Everyone wants to see the natural environment thrive and is in favor of healthy and improving wildlife and vegetation, soil conservation, effective water management, and clean air. Modern techniques can allow people, flora, and fauna to coexist and thrive. 

Cattle fencing: Barbed wire fencing was one of the great inventions of western expansion, providing a cheap and effective way to control cattle. But the traditional design of fencing can snag animals attempting to leap over and can make it impossible for younger or smaller animals to crawl under. 

Here's an excellent guide to proper fencing called "How to Build Fence with Wildlife in Mind":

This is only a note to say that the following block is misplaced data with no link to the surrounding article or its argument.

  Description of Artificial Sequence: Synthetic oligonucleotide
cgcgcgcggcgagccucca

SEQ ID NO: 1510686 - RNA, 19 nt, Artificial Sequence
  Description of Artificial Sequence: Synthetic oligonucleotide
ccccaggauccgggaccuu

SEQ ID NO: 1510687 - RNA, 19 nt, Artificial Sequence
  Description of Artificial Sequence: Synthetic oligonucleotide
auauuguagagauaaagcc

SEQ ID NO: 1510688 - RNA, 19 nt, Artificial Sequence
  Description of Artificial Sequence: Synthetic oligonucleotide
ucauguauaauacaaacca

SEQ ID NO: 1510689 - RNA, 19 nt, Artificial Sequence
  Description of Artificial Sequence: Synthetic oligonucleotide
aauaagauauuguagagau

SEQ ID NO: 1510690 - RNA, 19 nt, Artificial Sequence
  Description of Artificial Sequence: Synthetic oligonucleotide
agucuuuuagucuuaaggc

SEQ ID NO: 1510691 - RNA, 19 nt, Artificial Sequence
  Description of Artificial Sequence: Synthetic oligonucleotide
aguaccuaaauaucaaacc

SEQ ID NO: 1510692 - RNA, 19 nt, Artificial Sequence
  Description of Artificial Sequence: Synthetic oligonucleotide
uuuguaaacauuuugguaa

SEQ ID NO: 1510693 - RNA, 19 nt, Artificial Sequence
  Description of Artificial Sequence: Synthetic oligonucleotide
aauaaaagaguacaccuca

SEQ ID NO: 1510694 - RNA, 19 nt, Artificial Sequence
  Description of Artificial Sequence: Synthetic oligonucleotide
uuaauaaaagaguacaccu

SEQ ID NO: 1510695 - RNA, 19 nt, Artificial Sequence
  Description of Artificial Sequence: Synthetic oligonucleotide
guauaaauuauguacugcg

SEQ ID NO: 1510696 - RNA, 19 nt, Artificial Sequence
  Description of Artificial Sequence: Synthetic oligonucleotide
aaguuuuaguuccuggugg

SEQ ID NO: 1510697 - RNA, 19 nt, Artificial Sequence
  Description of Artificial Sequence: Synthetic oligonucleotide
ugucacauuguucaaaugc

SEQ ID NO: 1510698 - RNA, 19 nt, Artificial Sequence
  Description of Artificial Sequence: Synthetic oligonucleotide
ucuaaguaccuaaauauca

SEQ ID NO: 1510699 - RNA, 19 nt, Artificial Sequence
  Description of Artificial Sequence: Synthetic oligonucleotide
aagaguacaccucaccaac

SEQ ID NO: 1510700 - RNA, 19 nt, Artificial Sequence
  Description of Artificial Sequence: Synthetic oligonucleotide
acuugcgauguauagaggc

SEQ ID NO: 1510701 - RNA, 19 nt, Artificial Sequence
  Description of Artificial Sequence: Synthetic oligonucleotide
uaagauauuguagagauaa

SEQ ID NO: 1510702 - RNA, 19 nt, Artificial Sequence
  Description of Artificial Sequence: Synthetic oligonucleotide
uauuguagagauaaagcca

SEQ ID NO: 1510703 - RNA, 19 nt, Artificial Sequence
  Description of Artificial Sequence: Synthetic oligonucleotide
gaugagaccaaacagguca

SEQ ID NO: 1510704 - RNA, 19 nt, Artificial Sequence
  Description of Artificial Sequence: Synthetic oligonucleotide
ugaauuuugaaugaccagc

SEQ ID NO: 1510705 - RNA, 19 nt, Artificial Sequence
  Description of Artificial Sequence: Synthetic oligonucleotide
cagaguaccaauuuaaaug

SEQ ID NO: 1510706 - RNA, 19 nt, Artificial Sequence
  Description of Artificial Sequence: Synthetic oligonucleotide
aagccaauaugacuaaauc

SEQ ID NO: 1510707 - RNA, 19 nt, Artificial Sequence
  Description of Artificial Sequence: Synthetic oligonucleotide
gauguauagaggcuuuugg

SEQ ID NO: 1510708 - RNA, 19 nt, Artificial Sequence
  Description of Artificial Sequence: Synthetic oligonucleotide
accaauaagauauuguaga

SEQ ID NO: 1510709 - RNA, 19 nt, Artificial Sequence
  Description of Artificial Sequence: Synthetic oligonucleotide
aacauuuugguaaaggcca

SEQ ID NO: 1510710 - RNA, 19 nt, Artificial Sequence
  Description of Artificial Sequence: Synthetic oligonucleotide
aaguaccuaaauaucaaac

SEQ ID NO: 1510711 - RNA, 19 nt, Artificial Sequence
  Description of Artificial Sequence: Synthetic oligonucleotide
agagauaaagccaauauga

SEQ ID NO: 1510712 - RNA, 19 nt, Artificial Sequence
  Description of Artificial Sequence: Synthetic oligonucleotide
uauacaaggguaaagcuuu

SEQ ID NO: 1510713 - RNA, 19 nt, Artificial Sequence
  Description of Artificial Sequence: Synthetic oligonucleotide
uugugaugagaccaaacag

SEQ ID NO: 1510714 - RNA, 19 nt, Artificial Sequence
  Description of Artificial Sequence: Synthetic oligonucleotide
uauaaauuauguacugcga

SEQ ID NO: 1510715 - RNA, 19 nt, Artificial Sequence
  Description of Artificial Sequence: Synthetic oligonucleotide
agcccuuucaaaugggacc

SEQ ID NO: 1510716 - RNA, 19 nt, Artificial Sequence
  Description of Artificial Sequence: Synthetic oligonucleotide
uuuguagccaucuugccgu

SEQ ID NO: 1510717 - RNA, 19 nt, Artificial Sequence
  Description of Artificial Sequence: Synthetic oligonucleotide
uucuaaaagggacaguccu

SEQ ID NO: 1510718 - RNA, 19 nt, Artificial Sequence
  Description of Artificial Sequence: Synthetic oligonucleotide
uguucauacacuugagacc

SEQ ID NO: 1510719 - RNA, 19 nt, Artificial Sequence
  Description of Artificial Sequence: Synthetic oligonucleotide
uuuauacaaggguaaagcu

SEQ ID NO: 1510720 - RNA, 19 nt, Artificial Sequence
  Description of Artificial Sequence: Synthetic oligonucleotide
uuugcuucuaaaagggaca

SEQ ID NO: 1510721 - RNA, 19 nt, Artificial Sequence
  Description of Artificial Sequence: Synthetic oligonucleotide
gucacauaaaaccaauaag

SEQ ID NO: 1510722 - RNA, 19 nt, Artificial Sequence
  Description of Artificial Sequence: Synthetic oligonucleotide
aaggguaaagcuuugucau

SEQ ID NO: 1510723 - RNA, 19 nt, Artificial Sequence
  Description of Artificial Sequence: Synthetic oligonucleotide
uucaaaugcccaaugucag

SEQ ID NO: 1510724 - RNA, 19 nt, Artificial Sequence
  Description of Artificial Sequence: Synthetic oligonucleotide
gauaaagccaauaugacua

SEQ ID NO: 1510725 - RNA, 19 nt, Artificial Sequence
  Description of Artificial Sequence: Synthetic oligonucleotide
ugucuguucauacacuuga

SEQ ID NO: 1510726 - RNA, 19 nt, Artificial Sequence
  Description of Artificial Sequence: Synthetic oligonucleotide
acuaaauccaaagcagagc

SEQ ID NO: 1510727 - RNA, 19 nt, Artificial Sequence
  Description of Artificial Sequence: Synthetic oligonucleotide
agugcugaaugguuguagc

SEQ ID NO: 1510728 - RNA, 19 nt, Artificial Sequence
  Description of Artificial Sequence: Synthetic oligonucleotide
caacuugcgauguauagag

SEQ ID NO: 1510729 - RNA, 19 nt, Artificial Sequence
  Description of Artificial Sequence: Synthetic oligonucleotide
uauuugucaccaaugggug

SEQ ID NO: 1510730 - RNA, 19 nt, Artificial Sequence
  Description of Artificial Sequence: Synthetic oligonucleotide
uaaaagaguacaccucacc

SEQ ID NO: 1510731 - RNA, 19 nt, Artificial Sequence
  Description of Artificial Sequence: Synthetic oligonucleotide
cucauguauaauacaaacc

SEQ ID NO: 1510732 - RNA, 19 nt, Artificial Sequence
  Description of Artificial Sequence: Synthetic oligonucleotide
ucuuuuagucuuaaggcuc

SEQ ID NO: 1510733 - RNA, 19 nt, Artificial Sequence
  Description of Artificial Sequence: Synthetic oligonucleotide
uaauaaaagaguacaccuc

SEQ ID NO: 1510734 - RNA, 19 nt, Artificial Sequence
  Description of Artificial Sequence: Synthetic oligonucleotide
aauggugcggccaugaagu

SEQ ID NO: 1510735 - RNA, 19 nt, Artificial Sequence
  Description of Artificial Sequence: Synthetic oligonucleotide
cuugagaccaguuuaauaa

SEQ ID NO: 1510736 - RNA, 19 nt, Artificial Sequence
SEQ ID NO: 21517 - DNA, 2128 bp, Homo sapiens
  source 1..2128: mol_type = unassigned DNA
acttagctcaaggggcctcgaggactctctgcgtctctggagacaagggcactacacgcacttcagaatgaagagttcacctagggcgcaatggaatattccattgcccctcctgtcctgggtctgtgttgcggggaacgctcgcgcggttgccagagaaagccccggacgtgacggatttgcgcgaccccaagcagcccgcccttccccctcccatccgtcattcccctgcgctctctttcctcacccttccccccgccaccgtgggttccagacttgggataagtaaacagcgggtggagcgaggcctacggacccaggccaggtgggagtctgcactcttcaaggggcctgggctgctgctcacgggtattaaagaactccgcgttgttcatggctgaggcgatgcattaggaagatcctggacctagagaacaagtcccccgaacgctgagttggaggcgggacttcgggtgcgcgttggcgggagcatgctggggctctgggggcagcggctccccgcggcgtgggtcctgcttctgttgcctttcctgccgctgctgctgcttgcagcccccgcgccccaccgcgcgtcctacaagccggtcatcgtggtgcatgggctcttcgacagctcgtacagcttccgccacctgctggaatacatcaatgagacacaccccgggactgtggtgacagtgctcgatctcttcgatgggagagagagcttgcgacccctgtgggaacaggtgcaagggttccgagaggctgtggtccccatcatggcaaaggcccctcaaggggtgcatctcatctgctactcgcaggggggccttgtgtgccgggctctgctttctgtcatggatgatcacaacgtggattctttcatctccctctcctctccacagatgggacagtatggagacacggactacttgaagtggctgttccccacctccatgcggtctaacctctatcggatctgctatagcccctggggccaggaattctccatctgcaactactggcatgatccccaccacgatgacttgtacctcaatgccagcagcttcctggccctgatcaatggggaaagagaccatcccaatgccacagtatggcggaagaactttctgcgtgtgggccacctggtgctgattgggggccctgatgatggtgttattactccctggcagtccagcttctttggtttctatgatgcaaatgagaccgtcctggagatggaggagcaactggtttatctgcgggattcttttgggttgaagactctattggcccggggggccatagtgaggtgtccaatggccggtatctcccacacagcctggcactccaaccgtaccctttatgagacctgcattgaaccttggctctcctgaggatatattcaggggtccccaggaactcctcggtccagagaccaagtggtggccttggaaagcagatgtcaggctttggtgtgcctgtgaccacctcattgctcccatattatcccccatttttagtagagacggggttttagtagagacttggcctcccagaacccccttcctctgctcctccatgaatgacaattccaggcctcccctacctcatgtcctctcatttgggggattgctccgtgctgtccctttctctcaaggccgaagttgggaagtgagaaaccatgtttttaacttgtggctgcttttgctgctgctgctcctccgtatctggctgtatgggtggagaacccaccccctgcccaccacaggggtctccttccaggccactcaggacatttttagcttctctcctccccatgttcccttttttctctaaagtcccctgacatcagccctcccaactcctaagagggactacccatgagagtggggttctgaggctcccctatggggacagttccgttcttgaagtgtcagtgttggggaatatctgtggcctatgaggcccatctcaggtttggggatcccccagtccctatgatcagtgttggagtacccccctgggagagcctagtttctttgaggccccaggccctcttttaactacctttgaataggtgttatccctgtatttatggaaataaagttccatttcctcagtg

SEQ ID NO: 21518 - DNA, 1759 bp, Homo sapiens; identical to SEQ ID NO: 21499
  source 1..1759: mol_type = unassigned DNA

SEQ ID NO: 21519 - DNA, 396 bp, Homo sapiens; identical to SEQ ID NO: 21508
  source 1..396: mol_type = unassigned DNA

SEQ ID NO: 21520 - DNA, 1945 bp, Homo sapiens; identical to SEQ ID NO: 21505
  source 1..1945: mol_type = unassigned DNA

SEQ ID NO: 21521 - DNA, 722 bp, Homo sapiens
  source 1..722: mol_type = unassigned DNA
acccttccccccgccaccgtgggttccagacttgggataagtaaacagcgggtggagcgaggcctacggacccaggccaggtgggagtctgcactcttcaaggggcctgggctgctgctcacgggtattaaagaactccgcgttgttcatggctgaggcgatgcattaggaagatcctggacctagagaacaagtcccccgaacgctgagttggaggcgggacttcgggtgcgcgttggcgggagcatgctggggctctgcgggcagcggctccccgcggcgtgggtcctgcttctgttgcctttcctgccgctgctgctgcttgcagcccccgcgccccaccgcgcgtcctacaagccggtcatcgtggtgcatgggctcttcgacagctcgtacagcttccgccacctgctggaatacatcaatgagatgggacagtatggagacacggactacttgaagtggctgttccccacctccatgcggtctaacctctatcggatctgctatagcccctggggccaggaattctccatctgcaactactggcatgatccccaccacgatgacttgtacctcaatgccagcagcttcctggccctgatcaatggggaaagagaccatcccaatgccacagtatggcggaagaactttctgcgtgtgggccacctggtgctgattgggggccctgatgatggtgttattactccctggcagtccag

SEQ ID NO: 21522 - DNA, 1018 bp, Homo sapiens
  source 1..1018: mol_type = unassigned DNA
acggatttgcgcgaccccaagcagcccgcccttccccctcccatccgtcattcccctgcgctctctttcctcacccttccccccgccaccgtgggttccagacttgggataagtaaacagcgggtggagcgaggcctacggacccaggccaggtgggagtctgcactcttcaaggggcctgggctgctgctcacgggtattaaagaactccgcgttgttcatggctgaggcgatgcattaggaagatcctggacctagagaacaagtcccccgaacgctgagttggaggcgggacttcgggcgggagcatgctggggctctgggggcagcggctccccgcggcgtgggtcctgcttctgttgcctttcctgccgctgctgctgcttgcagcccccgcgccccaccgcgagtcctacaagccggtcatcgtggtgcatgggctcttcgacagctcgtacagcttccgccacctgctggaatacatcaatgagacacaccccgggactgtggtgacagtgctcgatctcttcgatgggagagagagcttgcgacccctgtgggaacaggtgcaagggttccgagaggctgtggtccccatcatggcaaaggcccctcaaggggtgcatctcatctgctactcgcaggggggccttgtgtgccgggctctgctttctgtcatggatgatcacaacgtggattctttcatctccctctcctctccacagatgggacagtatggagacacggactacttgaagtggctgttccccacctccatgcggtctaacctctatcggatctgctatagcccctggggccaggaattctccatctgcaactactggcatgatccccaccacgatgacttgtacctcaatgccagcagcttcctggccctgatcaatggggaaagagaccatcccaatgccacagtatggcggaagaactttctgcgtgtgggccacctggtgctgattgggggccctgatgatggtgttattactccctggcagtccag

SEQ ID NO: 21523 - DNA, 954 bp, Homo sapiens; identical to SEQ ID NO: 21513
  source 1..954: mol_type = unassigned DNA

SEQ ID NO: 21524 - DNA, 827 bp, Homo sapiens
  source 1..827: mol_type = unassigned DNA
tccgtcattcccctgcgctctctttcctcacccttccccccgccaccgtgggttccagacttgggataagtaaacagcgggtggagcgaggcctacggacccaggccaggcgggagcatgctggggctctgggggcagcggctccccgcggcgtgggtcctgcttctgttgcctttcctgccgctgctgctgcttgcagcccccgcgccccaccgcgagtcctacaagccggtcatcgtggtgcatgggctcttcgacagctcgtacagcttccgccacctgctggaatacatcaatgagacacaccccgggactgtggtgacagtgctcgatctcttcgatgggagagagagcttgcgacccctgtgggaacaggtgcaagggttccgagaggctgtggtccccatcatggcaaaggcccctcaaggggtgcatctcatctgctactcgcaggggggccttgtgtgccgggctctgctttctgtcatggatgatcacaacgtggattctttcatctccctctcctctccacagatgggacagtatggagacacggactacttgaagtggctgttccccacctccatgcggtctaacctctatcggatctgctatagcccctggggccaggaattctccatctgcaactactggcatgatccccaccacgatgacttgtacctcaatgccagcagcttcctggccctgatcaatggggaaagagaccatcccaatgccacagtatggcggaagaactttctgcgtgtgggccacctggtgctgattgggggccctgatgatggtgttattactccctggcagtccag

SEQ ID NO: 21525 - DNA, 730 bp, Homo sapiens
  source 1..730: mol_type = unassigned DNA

From this guide:

All of our new fencing is built to these specifications, and we are gradually re-doing our older fencing as well.


Encouragement of winter forage: Plant growth slows in the winter, making grazing more difficult for wildlife. Certain plants provide good winter grazing. Bitterbrush is one of the most effective plants in our region. Bitterbrush is pictured below, up close:

In order to encourage bitterbrush, we remove competing vegetation from around existing bitterbrush plants, such as juniper trees which block shade. This allows the bitterbrush to expand.

Of course, monocultures aren't the goal - the goal isn't to have a vast bitterbrush plantation. But there's plenty of room for bitterbrush to expand.